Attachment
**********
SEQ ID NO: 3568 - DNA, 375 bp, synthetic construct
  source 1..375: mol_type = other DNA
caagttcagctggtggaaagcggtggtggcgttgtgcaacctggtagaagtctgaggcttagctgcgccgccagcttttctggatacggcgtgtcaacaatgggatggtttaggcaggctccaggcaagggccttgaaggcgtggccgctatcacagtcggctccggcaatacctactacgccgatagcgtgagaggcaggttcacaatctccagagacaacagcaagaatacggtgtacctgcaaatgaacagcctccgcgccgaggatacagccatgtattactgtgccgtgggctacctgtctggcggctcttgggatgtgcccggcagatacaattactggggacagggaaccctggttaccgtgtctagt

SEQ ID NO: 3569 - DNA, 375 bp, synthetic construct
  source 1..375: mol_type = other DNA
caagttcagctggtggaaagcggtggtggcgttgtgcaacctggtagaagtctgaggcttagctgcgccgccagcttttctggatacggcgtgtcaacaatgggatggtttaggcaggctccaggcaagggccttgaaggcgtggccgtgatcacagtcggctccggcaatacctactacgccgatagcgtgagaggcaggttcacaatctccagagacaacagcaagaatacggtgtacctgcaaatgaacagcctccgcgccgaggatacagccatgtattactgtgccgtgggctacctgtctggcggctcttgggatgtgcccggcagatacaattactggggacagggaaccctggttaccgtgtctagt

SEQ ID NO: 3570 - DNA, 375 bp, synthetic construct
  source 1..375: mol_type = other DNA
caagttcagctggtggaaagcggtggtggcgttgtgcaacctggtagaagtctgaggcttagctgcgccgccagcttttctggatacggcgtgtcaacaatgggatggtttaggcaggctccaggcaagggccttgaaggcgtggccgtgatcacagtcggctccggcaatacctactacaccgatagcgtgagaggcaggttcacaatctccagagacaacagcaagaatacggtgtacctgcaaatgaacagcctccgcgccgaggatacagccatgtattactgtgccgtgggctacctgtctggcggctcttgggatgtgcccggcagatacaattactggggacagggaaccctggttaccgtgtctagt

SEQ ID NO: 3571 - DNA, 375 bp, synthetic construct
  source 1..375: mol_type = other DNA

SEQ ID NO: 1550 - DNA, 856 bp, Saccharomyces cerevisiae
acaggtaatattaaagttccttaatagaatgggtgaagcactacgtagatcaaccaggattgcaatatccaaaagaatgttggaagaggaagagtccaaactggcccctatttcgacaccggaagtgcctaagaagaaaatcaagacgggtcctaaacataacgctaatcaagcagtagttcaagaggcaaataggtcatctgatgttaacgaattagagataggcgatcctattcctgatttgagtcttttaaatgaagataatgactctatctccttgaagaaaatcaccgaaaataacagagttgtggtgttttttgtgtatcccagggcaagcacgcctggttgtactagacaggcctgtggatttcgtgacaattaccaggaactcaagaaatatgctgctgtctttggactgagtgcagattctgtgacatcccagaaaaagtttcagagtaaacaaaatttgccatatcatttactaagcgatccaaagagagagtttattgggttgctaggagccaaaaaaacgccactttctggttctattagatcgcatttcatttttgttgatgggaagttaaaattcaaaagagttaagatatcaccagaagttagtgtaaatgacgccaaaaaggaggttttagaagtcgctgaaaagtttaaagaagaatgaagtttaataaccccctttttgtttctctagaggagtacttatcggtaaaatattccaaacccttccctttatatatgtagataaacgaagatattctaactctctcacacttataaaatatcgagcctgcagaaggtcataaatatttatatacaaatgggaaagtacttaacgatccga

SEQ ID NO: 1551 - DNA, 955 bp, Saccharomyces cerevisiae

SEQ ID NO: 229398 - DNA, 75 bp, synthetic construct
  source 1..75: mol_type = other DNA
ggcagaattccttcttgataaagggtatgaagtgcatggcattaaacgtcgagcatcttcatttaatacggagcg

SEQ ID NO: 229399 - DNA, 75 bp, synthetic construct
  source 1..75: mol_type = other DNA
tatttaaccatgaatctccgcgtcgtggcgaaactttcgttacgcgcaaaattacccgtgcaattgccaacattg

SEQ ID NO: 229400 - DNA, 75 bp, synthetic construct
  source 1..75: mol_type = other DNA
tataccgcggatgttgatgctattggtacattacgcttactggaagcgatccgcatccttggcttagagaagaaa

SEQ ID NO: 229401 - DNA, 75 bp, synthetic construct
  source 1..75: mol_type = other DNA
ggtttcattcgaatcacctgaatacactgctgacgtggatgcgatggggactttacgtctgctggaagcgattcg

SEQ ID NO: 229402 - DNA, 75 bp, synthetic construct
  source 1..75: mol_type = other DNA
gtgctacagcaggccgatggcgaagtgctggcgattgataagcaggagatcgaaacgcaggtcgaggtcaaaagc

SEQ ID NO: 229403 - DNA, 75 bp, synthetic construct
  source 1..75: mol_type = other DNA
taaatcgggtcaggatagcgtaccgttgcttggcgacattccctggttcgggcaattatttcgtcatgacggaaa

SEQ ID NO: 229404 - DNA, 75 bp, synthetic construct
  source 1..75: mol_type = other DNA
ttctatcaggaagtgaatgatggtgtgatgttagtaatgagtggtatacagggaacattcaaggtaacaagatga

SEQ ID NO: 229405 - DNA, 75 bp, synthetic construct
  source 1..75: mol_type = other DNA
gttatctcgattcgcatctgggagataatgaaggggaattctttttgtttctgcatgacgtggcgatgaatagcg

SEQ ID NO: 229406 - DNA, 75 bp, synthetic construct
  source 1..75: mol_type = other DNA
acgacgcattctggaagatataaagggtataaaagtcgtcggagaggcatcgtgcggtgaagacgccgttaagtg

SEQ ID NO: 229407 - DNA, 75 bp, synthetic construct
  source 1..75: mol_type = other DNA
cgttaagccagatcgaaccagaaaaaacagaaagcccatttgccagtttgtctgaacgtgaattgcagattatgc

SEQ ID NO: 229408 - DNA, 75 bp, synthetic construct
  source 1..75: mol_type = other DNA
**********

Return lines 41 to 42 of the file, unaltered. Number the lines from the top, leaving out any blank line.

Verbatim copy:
acgacgcattctggaagatataaagggtataaaagtcgtcggagaggcatcgtgcggtgaagacgccgttaagtg

SEQ ID NO: 229407 - DNA, 75 bp, synthetic construct